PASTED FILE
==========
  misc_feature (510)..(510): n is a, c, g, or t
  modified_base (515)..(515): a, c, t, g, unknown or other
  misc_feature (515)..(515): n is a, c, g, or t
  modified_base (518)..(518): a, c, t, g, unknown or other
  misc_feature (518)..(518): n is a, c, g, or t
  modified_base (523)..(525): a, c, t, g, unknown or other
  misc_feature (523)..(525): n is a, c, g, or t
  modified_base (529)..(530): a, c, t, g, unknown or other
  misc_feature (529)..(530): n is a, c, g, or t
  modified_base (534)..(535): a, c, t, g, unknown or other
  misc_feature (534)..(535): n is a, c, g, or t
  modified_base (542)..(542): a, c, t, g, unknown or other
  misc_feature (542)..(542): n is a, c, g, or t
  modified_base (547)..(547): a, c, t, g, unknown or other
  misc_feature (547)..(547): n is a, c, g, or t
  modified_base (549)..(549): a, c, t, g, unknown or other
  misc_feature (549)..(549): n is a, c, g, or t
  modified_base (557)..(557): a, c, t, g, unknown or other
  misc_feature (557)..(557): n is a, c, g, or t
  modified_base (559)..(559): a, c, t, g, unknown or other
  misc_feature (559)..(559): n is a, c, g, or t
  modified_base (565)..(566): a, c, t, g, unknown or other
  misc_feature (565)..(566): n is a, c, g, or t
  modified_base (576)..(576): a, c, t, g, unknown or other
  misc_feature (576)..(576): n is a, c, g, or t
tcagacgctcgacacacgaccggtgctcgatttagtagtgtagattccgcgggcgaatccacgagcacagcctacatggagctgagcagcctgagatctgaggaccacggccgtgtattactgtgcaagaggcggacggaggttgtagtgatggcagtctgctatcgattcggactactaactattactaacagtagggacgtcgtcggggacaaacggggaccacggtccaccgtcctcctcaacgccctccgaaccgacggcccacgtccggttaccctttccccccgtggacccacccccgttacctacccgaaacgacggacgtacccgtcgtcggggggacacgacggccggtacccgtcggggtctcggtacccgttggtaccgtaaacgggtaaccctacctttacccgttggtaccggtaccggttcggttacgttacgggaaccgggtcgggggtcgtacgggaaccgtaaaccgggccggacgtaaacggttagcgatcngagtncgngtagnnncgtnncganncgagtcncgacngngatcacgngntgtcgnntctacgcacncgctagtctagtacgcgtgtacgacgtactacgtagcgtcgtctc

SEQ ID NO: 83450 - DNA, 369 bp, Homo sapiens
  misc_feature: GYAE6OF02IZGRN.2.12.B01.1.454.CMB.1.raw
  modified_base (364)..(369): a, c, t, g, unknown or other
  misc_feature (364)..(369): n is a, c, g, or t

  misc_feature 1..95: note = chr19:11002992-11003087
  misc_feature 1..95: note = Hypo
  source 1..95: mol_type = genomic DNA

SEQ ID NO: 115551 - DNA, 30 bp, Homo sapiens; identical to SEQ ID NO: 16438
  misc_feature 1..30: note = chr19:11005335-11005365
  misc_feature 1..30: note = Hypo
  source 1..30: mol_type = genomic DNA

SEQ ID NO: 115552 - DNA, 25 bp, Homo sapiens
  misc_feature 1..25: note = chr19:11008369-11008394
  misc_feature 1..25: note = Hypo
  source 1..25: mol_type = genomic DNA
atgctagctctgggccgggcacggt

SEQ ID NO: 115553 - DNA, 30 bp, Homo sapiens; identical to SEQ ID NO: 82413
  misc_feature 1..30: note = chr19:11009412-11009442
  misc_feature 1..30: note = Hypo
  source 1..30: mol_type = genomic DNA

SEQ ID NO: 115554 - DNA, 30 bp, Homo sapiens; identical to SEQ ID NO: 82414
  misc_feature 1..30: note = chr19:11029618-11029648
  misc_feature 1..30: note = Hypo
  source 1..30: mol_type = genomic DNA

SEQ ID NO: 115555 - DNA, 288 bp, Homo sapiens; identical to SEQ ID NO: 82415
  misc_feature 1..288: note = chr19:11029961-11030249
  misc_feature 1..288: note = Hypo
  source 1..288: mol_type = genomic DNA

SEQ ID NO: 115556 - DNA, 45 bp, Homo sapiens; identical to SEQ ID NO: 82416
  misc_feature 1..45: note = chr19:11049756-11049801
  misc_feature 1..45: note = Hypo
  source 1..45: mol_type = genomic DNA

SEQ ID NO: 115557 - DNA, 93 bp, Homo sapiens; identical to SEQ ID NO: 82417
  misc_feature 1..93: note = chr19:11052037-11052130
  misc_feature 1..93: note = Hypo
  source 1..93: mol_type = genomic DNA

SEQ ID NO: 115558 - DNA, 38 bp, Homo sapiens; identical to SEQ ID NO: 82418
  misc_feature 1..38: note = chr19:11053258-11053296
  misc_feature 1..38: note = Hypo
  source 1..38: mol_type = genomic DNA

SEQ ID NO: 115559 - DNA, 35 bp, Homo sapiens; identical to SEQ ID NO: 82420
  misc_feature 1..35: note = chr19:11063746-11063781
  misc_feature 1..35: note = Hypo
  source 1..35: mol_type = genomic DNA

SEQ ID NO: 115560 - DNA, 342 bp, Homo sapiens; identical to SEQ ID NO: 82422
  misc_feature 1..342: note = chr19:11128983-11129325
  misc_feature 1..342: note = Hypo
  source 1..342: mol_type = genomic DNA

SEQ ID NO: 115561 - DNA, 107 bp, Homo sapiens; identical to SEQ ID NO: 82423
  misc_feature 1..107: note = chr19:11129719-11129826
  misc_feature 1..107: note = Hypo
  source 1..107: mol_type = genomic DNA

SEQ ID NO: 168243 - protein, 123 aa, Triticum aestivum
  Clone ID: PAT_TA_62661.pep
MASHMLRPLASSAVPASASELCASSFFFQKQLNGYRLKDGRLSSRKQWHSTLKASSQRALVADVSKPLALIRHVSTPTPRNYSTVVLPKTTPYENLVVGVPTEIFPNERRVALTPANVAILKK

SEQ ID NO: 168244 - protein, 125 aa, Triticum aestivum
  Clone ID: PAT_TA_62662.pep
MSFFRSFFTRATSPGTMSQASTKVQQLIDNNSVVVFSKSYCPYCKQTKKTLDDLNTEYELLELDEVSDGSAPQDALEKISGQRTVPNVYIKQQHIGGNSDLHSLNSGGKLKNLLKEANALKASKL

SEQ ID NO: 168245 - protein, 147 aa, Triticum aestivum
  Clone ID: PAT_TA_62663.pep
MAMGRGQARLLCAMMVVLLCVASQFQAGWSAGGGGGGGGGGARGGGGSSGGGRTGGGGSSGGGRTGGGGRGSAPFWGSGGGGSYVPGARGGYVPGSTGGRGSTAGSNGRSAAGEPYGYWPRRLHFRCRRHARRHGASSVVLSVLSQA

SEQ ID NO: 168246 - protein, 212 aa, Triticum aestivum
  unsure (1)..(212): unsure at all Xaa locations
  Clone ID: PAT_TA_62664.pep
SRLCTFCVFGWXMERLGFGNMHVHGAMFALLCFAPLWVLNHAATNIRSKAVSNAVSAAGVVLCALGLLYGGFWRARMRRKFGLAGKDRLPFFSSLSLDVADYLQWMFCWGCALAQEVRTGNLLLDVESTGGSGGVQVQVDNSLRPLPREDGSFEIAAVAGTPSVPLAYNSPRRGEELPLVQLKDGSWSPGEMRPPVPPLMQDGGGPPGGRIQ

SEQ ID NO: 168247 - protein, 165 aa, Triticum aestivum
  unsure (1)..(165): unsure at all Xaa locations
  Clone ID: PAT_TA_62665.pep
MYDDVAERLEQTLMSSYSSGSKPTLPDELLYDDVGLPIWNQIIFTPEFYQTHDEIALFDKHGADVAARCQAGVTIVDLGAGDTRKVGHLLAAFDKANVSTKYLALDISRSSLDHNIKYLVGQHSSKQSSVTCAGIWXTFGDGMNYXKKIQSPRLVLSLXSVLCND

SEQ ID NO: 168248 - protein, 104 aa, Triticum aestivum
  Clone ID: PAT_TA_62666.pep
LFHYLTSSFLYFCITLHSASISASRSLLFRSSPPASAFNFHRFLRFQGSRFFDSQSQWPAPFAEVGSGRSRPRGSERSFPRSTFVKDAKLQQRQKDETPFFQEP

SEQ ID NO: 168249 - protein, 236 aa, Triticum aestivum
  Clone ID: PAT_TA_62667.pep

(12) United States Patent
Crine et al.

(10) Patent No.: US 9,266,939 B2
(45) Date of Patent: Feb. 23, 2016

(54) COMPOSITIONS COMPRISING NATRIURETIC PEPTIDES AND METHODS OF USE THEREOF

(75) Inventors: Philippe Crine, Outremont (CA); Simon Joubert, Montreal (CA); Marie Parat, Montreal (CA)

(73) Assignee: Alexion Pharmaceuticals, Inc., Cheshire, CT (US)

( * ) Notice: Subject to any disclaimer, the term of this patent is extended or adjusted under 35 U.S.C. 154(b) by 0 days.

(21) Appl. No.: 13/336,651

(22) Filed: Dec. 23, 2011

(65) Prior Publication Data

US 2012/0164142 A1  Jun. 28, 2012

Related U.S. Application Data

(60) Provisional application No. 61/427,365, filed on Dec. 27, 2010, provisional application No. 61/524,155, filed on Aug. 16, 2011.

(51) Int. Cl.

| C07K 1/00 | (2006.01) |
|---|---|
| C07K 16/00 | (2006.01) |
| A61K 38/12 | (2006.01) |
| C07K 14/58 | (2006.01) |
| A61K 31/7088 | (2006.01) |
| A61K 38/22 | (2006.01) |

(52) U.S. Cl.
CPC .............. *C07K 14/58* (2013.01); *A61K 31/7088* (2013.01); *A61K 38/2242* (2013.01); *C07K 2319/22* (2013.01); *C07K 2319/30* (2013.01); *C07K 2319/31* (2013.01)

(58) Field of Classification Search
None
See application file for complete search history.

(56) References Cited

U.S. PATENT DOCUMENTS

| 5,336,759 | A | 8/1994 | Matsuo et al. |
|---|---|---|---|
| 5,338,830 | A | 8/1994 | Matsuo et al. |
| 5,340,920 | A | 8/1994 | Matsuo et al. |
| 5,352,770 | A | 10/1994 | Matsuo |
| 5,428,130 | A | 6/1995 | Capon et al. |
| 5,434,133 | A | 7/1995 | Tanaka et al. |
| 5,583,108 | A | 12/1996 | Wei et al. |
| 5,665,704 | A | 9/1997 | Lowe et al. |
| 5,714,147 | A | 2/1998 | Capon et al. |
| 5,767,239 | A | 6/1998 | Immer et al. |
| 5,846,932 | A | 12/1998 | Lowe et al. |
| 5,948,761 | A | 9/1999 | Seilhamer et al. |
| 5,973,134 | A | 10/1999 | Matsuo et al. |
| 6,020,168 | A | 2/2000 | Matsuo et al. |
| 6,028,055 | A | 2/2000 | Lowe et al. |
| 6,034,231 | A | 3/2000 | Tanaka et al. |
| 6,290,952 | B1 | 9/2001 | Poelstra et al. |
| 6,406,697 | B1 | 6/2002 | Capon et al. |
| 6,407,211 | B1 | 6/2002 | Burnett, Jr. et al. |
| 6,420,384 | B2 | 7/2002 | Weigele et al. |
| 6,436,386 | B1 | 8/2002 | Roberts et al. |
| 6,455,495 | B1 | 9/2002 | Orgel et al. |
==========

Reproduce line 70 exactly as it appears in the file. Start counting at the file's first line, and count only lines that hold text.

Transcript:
  source 1..35: mol_type = genomic DNA